Most Innovative Countries in 2013 Revealed

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Global Innovation Index 2013 – US Rejoins Five Most-Innovative Nations as Switzerland Keeps Top Spot, Local Dynamics Key to Overcoming Global Innovation Divide

The United States rejoined the five most-innovative nations and the United Kingdom moved up to the third spot while Switzerland retained its place atop the rankings in the Global Innovation Index 2013, published by Cornell University, INSEAD, and the World Intellectual Property Organization (WIPO).

Despite the economic crisis, innovation is alive and well. Research and development spending levels are surpassing 2008 levels in most countries and successful local hubs are thriving. A group of dynamic middle- and low-income countries – including China, Costa Rica, India, and Senegal – are outpacing their peers, but haven’t broken into the top of the GII 2013 leader board.

This year’s report casts additional light on the local dynamics of innovation, an area which has remained under-measured globally. It shows the emergence of original innovation eco-systems, and signals a needed shift from a usual tendency to try and duplicate previously successful initiatives.

WIPO Director General Francis Gurry said: “For national-level policy makers seeking to support innovation, realizing the full potential of innovation in their own backyards is often a more promising approach than trying to emulate successful innovation models elsewhere.”

The Global Innovation Index 2013 looked at 142 economies around the world, using 84 indicators including the quality of top universities, availability of microfinance, venture capital deals – gauging both innovation capabilities and measurable results. Published annually since 2007, the GII has become a chief benchmarking tool for business executives, policy makers and others seeking insight into the state of innovation around the world.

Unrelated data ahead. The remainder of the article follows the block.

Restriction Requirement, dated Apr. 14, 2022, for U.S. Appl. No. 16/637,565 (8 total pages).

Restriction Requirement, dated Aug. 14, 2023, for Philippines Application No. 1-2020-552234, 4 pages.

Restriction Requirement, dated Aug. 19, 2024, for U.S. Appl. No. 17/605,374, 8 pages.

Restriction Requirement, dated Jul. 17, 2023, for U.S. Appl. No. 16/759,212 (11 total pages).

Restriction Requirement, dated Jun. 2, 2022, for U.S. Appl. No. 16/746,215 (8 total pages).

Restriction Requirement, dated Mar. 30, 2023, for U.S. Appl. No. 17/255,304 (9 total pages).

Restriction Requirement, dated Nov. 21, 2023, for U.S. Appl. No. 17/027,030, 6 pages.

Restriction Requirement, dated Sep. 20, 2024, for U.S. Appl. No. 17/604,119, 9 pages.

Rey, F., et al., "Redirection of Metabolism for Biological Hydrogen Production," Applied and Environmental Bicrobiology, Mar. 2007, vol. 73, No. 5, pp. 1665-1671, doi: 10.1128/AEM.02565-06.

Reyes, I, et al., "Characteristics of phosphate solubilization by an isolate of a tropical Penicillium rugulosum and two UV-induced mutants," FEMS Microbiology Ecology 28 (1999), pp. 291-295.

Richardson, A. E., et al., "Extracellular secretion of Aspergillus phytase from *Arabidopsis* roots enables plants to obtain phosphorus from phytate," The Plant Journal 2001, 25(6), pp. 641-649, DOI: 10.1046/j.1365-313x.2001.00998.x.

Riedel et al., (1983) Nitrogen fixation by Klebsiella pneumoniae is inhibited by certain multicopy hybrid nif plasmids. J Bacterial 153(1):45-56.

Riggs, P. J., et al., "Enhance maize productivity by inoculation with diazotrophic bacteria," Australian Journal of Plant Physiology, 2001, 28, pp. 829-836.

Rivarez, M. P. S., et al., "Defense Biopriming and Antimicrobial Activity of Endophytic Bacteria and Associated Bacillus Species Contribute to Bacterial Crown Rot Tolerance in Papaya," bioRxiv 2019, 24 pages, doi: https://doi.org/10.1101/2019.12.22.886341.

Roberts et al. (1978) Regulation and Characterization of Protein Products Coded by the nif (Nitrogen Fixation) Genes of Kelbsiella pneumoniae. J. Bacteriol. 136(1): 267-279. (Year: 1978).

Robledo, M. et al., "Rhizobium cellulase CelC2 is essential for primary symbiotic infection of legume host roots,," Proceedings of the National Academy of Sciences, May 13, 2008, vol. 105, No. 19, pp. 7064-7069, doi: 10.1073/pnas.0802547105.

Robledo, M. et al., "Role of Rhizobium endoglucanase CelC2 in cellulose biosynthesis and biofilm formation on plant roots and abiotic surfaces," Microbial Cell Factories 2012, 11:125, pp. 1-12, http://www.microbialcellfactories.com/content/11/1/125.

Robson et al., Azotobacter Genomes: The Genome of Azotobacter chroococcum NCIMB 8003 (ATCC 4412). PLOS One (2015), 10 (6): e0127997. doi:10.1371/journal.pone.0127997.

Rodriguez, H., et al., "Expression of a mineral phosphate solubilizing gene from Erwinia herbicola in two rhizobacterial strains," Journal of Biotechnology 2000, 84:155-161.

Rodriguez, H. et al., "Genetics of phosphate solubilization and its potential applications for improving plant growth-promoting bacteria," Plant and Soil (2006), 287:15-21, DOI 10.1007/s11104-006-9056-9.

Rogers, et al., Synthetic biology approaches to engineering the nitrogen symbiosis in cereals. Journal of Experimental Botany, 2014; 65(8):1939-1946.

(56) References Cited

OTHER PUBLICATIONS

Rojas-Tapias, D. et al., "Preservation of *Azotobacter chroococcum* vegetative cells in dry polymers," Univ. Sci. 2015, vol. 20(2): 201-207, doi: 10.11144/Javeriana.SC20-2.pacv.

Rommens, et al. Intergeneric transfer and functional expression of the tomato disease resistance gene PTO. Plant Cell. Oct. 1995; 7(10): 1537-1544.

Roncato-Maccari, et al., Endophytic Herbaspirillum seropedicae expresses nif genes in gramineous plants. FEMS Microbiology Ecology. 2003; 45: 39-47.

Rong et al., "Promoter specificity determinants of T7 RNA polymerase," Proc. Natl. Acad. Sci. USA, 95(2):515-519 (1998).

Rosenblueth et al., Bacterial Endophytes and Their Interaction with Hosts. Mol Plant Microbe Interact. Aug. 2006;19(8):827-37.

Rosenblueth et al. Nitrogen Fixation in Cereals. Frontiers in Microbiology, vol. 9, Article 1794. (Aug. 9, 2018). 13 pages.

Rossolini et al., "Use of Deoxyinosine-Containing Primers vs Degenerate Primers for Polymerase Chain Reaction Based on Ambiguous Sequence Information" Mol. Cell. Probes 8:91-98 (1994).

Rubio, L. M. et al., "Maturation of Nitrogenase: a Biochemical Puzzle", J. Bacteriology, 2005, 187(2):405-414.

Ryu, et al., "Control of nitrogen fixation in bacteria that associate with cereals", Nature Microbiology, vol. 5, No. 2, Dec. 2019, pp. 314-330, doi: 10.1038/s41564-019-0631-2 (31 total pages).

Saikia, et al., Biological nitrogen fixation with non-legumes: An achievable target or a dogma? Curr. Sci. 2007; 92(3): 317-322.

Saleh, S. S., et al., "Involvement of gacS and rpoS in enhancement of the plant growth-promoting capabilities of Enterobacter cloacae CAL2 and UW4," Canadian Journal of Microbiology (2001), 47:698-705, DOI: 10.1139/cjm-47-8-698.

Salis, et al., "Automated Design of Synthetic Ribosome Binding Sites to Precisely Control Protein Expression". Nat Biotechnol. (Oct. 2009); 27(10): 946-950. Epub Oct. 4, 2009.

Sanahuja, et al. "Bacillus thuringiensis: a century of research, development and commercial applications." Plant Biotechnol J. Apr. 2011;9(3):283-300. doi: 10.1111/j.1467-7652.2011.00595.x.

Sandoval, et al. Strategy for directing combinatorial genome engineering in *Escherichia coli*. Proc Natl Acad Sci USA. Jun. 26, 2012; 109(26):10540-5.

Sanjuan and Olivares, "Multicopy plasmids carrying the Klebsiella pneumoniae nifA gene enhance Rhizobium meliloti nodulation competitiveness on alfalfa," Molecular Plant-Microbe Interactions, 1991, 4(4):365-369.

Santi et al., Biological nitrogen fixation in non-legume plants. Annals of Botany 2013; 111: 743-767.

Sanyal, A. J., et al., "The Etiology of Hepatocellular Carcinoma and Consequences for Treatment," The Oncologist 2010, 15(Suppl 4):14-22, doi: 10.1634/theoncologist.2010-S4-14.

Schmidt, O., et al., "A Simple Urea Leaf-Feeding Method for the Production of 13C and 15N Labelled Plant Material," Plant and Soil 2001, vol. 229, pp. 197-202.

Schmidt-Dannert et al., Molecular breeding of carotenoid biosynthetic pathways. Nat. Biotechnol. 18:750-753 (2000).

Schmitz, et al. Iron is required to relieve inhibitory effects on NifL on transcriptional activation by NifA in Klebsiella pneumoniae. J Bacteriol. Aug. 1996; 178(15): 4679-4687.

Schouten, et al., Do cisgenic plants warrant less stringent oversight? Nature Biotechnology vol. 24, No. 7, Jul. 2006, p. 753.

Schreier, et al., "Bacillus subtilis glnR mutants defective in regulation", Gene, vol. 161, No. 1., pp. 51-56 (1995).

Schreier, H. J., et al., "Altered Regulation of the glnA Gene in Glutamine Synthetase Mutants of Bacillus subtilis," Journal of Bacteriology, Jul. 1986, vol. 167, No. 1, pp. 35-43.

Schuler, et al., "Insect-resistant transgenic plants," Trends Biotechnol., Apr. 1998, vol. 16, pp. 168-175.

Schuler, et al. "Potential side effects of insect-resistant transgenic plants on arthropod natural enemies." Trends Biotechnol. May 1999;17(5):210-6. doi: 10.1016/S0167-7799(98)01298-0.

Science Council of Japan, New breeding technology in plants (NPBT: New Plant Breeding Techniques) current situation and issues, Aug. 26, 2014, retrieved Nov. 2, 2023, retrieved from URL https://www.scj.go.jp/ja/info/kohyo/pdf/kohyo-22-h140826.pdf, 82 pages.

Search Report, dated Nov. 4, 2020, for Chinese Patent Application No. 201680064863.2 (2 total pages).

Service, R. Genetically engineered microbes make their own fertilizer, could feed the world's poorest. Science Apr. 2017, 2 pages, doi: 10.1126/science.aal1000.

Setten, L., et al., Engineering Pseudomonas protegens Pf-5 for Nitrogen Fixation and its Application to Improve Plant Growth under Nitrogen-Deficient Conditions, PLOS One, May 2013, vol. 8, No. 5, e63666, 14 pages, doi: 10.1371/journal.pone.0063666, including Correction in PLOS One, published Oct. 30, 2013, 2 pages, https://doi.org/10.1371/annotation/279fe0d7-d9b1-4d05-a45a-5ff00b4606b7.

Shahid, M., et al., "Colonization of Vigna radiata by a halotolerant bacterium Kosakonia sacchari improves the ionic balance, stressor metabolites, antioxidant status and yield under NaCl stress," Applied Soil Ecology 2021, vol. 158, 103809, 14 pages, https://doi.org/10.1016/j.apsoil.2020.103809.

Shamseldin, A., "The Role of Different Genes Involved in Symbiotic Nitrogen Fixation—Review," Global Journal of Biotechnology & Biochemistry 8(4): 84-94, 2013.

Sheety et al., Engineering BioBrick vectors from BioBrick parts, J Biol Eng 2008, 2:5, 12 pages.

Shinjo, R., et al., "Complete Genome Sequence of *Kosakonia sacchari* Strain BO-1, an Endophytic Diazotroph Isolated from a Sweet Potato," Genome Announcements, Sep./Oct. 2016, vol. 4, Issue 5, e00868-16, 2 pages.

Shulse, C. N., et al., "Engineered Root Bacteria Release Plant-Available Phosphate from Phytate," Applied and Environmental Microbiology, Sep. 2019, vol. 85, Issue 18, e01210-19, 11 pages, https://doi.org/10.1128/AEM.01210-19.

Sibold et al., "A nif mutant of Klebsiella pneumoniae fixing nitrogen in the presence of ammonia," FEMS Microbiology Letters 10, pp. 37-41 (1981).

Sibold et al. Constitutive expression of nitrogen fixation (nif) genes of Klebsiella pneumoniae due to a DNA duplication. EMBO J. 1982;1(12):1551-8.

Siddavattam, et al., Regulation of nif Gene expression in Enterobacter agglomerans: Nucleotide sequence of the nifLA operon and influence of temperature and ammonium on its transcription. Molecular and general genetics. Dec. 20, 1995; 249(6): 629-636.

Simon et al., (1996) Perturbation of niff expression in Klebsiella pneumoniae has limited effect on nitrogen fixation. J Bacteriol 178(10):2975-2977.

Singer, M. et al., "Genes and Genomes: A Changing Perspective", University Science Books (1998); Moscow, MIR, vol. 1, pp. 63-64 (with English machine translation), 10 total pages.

Top Ten 2013 ranking

1. Switzerland (Number 1 in 2012)
2. Sweden (2)
3. United Kingdom (5)
4. Netherlands (6)
5. United States of America (10)
6. Finland (4)
7. Hong Kong (China) (8)
8. Singapore (3)
9. Denmark (7)
10.Ireland (9)

Switzerland and Sweden’s performance reflects the fact that both countries are leaders in all components (pillars) of the GII, consistently ranking in the top 25. The United Kingdom has a well-balanced innovation performance (ranking 4th in both input and output), in spite of a relatively low level of growth in labor productivity. The United States continues to benefit from its strong education base (especially in terms of top-rank universities), and has seen strong increases in software spending and employment in knowledge-intensive services. The US was last in the GII top 5 in 2009, when it was number one.

“The results of the GII provide testimony to the global nature of innovation today. The top 25 ranked countries on the GII are a mix of nations from across the world – North America, Europe, Asia, Oceania and the Middle East. While high income economies dominate the list, several new players have increased their innovation capabilities and outputs. On average, high-income countries outpace developing countries by a wide margin across the board in terms of scores; a persistent innovation divide exists,” stressed Mr. Soumitra Dutta, co-editor of the report and Anne and Elmer Lindseth Dean, Samuel Curtis Johnson Graduate School of Management, Cornell University.

2013 Top Rankings by Region Rank in Region GII 2013 Overall Rank Country Name Central and Southern Asia 1 66 India 2 84 Kazakhstan 3 98 Sri Lanka Sub-Saharan Africa 1 53 Mauritius 2 58 South Africa 3 89 Uganda Southeast Asia and Oceania 1 7 Hong Kong (China) 2 8 Singapore 3 17 New Zealand Latin America and the Caribbean 1 39 Costa Rica 2 46 Chile 3 47 Barbados Northern Africa and Western Asia 1 14 Israel 2 27 Cyprus 3 38 United Arab Emirates Europe 1 1 Switzerland 2 2 Sweden 3 3 United Kingdom Northern America 1 5 United States of America 2 11 Canada

How “Innovation Learners” Can Leverage Their Strengths